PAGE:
China: Commodity Markets Getting Frothy

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Includes: CHN, CN, CXSE, FCA, FGM, FXI, FXP, GCH, GXC, JFC, MCHI, PGJ, PKX, TDF, XPP, YANG, YAO, YINN, YXI
by: Gold Bug

Summary

The Chinese markets are notoriously volatile, a combination of excessive speculation and government interference can make them diverge from fundamentals.

Commodity futures such as steel rebar and coking coal have become overvalued, despite over supply.

The Chinese government is intervening in what could result in a major correction with global implications.

The Chinese markets are volitile, wild swings from irrational exuberance to panic in these multi-billion dollar exchanges can put the global economy at risk.

We all remember the recent troubles in the Shanghai Stock Exchange in 2015 and the ripple effects it had. It is starting to look like we may see a similar large correction in Chinese commodity futures and resource sector equities - this could hurt investors around the globe.

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I like to focus on the precious metal side of things when it comes to commodities - the recent froth here is obvious. Many silver and diversified resource miners have doubled in 2016 alone:

AG Chart

It is becoming clear that Chinese speculation may be the source of this commodity rally. In the Chinese equities markets the best performers are also in the commodity sector; Tata Steel (OTC:TATLY), Fortescue Metals Group (NASDAQ:FGM), and Posco (NYSE:PKX).

PKX Chart

The Futures:

But before we look any more at equities, lets first explore the root cause of the rally; commodites futures.

By late April, daily trading volumes of five major futures contracts in steel and coking coal-essentially bets on an extended building boom-grew fivefold from a year prior. On April 21, when steel-rebar futures hit a year-to-date peak return of 53%, 225 million tons changed hands on paper, greater than China's entire 2014 output of 215 million tons. On the same day, turnover of this futures contract alone reached 606 billion yuan ($93.5 billion), bigger than the combined transaction value of China's two stock markets.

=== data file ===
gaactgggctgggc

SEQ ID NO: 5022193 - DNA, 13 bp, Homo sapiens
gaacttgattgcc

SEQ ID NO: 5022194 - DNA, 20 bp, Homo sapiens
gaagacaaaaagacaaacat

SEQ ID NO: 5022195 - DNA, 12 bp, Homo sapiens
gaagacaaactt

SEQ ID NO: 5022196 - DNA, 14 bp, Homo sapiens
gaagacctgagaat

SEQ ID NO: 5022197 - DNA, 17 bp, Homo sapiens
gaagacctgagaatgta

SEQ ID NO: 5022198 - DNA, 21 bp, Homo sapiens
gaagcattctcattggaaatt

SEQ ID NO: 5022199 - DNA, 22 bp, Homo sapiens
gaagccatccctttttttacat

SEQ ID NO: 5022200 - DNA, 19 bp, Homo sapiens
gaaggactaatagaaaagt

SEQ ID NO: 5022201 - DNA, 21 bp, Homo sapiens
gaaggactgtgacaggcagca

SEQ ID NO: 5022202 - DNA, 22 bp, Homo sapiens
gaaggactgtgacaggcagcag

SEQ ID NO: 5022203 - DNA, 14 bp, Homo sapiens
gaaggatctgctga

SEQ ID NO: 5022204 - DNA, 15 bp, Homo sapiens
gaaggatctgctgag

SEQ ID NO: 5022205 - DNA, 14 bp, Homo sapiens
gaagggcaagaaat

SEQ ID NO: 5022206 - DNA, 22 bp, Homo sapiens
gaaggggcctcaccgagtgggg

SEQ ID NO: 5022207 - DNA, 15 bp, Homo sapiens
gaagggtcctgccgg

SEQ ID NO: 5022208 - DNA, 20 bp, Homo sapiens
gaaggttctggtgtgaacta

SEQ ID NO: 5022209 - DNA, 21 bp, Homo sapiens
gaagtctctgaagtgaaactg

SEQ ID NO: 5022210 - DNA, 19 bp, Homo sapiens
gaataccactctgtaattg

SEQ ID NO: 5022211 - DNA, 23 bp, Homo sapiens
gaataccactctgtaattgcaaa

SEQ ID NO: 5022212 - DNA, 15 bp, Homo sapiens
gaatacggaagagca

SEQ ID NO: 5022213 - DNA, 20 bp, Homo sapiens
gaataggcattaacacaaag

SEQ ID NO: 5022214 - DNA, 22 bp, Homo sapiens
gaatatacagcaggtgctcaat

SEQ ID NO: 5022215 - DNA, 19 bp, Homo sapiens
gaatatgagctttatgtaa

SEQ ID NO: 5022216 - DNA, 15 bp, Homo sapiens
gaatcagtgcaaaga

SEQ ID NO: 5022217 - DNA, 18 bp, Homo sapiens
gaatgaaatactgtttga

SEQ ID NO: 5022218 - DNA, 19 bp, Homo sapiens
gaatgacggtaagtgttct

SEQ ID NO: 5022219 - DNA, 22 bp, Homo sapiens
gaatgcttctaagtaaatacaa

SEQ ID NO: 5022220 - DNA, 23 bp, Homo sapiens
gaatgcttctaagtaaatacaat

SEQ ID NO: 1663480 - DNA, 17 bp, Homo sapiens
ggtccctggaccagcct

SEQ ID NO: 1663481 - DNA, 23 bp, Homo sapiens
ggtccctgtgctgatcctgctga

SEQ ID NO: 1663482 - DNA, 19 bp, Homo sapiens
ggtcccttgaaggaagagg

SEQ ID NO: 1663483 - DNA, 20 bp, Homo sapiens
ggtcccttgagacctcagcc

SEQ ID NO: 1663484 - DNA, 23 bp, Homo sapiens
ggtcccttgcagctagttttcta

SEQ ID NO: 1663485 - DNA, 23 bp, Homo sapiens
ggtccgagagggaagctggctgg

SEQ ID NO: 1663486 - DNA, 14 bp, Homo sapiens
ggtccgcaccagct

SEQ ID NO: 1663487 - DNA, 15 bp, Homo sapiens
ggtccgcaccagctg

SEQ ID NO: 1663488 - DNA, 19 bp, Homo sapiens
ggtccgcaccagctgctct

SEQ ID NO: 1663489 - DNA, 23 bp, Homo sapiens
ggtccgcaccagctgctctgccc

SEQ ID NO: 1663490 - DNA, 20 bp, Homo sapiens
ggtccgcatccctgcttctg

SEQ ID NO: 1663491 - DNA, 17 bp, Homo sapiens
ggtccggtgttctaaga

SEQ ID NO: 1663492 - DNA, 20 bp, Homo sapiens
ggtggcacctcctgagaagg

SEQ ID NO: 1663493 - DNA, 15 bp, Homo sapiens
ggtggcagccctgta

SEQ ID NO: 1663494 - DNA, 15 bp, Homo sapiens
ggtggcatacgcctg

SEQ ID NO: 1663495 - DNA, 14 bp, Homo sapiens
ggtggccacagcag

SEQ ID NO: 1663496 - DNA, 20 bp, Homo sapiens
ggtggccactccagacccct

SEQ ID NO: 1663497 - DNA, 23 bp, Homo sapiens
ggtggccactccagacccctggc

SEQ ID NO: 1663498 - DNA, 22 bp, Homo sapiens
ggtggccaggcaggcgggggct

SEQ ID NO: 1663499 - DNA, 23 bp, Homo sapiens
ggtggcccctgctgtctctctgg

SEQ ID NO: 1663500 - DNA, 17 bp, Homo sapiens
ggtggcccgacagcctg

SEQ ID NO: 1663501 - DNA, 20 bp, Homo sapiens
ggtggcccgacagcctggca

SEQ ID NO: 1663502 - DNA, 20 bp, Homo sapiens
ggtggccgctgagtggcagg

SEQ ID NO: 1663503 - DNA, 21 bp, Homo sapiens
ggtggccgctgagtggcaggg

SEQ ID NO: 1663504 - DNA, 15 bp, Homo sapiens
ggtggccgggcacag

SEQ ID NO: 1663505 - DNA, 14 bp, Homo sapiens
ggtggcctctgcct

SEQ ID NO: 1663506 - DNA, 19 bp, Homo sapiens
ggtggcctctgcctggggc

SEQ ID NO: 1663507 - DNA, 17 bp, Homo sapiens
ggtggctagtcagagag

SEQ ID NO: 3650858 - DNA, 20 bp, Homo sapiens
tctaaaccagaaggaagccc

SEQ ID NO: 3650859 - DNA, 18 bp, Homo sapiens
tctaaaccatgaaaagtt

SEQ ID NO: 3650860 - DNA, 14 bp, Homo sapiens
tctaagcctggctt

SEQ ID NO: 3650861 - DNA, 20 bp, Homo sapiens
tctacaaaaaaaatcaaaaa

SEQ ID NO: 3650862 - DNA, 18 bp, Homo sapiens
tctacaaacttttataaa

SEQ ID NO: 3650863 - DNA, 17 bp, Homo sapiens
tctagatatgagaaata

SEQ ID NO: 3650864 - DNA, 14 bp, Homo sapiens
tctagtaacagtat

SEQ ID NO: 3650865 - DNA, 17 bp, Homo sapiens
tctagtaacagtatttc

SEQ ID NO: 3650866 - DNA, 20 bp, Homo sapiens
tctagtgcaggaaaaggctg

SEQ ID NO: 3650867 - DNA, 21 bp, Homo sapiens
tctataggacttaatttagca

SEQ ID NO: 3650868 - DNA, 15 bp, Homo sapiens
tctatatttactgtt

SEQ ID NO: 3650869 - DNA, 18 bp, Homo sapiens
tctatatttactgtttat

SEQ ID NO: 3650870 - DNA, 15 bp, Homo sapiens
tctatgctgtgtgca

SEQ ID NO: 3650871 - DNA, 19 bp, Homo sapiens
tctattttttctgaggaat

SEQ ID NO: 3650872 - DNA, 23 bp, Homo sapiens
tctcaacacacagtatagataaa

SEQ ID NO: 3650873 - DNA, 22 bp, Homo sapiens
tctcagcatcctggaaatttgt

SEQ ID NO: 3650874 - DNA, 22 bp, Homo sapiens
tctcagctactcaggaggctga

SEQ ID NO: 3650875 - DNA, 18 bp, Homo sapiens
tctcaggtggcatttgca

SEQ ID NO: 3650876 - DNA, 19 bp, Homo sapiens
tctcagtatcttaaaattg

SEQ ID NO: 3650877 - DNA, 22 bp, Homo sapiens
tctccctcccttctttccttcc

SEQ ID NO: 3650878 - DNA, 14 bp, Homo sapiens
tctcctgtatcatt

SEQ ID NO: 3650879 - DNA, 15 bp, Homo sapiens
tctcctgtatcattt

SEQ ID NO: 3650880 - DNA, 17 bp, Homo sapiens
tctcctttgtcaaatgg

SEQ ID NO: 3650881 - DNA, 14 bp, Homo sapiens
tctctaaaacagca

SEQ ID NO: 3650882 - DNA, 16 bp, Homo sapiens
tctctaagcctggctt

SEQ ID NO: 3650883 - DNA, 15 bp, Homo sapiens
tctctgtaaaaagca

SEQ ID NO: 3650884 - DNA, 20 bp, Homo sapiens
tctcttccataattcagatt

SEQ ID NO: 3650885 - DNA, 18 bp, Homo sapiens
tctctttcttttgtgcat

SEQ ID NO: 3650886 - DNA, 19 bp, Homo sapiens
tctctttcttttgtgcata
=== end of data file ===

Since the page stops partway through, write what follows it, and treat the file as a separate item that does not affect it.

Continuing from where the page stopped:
I believe this speculation has been caused by two main factors; primarily, investors who believe the Chinese government is willing to prop up its housing market indefinitely - a vote of confidence in government intervention - and a weakening dollar.

A weakening dollar causes commodities to rally because commodities are typically traded in dollars. Dollar weakening may be caused by a strengthening U.S economy. A strong U.S economy imports goods and exports dollars - making them cheaper. Atlanta Fed GDP numbers have been revised upwards to 2.3% for the second quarter.

The Fundamentals

Despite the dollar weakening, fundamentals still do not justify this rally. For example, Chinese steel production has been drastically over capacity for many years - but, there is a catch. If production is cut it would result in the loss of millions of jobs and do serious harm to the economy. The Chinese government probably won't let that happen and investors know it. They expect the government to continue production and keep the gravy train running indefinitely. This optimism may be affecting the prices of many other commodities.

This is pure speculation, and speculation is inherently unsustainable when fundamentals are painting a completely different picture.

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What Comes Next?

This time the Chinese government is trying to stop the problem before it grows bigger - actions that could lead to a major correction in commodity prices.

As I mentioned earlier, Chinese markets are volatile. This is because, unlike in the west, the vast majority of Chinese trading and investment is done by the retail market. Retail traders are often unsophisticated, take greater risks and are less aware of the fundamental condition of the products they are trading. The Chinese government is clamping down, increasing margin requirements and forcing brokers to report their most active clients.

These efforts by the Chinese government may lead to a correction in prices in the near future.

Conclusion

1. The rally is not based on fundamentals, but rather speculation.

2. I do not see any near term fundamental catalyst to justify the speculation.

3. The Chinese government is attempting to limit the amount of investors who can put money into these commodities.

The result of this will probably be a correction in commodity prices. That is because when you restrict the speculators, supply and demand decides the price. In this case, the fundamentals are not good as many of these commodities are already in surplus.

Everywhere you look, the Chinese government is propping up artificial markets and stimulating mal-investment. It is unclear how long this will last, but I don't think it will last forever. The last 3 months have seen a massive commodity rally - I don't think this rally will go much longer.

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Disclosure: I/we have no positions in any stocks mentioned, and no plans to initiate any positions within the next 72 hours.

I wrote this article myself, and it expresses my own opinions. I am not receiving compensation for it (other than from Seeking Alpha). I have no business relationship with any company whose stock is mentioned in this article.